Writer: Mike Bullock
Artists: Carlos Magno, Bob Pedroza(c)
Last issue, young Kit questioned his father's mercy when dealing with the tiger poachers. The Phantom proceeded to share with young Kit an adventure that occurred early in his career as the Ghost Who Walks.
While visiting his Aunt and Uncle, who raised him after his father's death, he discovered rapists, murderers and thieves--in other words pirates of the land, had infest the small town he grew to love. The line was crossed a long time ago, but it was slashed when the leader of the Skulls assaulted the Phantom's aunt and stole her necklace, which the Phantom gave to her for protection.
Unlike Batman, whose uniform is designed to strike terror in the hearts of men, the Phantom's guise is symbolic. His uniform represents the appearance of the legend. Every Phantom, regardless of gender, wears the same uniform. The uniform does not frighten criminals. The legend behind the costume instills fear.
Bullock shows that the Skulls do not know the Phantom. Therefore, they do are not afraid of the Ghost Who Walks. They call him "a ballet dancer" and refer to him as "Baryshnikov," and thanks to Magno's athletic renditions of the Phantom, it's easy to see the allusions.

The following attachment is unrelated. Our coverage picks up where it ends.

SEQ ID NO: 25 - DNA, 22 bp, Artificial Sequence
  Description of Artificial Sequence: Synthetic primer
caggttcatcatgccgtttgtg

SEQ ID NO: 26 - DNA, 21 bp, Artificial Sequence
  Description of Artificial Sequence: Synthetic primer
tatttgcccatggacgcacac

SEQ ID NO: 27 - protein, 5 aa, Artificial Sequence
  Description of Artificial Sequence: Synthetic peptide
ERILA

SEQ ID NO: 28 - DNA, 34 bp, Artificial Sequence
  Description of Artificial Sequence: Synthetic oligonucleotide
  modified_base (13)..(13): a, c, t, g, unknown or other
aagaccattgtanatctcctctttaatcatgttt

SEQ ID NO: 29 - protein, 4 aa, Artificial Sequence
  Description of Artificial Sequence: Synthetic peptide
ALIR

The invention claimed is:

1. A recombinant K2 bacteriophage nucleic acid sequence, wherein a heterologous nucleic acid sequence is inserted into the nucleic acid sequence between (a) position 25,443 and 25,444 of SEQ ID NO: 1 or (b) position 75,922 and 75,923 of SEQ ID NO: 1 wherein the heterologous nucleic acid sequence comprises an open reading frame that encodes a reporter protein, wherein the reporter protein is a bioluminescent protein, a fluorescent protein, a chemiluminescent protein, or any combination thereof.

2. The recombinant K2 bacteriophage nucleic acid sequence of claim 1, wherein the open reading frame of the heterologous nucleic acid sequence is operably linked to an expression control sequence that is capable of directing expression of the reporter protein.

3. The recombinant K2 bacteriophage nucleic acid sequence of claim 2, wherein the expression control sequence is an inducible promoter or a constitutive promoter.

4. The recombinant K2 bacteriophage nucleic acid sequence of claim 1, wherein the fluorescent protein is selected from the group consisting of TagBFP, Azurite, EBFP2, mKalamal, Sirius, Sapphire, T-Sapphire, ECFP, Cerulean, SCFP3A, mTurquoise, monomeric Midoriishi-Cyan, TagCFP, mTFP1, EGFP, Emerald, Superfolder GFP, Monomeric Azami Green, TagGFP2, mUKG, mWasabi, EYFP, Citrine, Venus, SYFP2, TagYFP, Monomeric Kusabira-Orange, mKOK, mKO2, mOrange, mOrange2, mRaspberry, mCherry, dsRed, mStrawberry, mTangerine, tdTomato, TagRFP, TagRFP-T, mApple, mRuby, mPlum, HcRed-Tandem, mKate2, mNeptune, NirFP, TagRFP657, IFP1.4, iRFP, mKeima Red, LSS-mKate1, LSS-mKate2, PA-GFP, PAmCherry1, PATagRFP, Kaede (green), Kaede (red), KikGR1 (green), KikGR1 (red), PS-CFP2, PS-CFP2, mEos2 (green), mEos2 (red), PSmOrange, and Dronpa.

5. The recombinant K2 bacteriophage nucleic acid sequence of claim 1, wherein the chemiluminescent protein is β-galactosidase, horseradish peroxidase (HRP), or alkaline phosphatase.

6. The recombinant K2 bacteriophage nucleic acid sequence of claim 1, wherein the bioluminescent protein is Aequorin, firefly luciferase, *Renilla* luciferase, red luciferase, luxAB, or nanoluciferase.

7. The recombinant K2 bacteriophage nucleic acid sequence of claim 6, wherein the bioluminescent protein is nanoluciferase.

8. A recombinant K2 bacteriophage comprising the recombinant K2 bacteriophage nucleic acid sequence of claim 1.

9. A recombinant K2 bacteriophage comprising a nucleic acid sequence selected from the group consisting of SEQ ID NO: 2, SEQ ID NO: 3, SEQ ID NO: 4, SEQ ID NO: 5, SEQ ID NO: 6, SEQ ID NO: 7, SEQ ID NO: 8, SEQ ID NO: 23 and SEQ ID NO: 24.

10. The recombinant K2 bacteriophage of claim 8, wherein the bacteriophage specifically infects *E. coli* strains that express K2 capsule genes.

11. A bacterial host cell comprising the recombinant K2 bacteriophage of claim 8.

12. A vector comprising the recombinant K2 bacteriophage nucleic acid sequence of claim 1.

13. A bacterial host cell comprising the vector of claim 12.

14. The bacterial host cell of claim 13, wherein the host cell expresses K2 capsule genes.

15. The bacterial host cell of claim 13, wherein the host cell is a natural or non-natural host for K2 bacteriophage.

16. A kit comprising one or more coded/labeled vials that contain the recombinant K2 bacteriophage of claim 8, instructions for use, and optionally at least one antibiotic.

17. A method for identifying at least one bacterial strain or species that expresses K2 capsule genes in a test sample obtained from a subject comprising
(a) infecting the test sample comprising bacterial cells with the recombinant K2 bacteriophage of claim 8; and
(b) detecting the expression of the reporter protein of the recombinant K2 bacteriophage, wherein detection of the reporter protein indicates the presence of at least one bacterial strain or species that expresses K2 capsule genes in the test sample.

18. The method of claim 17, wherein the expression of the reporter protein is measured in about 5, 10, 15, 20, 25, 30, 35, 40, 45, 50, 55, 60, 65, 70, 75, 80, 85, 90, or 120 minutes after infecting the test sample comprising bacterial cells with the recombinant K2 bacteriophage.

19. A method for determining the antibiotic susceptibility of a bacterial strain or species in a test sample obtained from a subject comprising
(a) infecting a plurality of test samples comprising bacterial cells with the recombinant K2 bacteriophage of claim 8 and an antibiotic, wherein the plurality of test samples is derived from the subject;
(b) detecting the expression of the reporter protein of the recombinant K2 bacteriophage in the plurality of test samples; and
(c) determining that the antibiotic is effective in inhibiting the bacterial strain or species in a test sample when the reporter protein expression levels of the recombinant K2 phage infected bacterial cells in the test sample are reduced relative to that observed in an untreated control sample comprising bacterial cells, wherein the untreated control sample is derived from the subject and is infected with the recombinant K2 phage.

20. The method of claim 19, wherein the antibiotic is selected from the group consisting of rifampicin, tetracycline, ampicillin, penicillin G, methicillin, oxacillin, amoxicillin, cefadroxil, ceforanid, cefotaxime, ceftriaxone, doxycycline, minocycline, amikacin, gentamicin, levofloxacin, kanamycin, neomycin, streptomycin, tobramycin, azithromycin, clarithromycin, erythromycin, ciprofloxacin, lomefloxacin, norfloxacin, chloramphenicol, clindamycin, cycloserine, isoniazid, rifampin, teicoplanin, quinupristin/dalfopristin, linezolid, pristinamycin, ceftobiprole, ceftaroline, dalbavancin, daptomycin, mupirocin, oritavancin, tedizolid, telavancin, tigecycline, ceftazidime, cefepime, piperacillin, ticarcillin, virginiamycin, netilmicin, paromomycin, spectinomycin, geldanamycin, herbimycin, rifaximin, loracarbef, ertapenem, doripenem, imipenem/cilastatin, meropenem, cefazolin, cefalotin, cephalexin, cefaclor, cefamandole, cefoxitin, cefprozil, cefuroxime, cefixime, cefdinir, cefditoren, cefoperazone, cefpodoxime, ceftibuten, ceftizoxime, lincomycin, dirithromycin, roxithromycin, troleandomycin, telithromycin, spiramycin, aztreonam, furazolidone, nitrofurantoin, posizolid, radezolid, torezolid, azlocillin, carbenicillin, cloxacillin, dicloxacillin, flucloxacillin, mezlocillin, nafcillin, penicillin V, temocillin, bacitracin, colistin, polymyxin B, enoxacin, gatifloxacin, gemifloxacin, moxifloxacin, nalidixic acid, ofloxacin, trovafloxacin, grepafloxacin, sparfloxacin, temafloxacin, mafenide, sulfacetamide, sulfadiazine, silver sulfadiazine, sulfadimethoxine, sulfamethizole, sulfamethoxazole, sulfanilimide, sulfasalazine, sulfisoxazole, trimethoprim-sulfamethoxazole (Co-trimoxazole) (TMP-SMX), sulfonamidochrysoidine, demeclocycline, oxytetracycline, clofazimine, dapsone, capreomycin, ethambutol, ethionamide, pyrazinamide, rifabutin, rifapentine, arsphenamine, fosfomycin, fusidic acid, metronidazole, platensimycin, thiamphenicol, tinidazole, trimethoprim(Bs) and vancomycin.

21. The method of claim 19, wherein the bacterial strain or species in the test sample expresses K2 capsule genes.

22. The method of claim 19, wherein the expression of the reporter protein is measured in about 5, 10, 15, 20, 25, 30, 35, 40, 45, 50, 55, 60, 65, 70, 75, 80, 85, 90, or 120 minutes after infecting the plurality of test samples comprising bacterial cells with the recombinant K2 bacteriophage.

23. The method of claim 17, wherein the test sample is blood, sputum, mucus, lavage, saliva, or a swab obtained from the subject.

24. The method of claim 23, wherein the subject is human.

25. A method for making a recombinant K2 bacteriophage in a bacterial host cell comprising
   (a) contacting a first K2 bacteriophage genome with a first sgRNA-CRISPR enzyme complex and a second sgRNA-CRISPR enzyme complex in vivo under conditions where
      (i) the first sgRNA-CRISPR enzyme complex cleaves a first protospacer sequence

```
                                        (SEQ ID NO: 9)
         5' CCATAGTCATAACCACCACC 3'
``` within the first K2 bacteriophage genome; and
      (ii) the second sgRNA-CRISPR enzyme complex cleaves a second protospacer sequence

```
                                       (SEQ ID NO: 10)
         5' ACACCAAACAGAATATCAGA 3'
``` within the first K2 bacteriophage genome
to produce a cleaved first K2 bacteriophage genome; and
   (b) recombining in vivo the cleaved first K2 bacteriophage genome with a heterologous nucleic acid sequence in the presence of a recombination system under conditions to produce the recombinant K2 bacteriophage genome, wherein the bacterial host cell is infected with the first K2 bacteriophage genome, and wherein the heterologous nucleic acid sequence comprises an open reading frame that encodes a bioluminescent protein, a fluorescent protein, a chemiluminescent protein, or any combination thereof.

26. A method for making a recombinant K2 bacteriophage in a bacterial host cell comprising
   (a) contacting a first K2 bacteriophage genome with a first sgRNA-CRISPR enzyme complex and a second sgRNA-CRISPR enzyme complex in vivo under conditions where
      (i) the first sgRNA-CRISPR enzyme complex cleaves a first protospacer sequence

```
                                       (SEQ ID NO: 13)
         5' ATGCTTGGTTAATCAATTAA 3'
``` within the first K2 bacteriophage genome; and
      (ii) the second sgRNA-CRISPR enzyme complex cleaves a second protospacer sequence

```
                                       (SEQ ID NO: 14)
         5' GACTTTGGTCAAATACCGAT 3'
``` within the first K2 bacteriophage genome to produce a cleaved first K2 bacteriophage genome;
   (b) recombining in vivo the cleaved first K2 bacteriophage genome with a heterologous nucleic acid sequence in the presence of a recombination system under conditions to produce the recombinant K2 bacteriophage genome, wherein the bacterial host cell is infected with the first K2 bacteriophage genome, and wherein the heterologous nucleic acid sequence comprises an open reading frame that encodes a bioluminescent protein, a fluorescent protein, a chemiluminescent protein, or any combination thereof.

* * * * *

The criminals essentially do not take the Phantom or his union suit seriously. Even if for some reason a criminal never heard of Batman, they would fear a giant bat with glowing eyes swooping down upon them. Criminals may laugh at Superman, until their bullets bounce off his chest. The Phantom must teach these criminals who he is. He repeats the lesson "I am the Ghost Who Walks." He doesn't make an impression until he takes the leader of the Skull's life. By taking I don't mean he kills the man. He instead spares him. He owns him.
This issue of the Phantom shows how the current incarnation became the Ghost Who Walks. By teaching this lesson to criminals, Kit learns the significance of his legend and his oaths.
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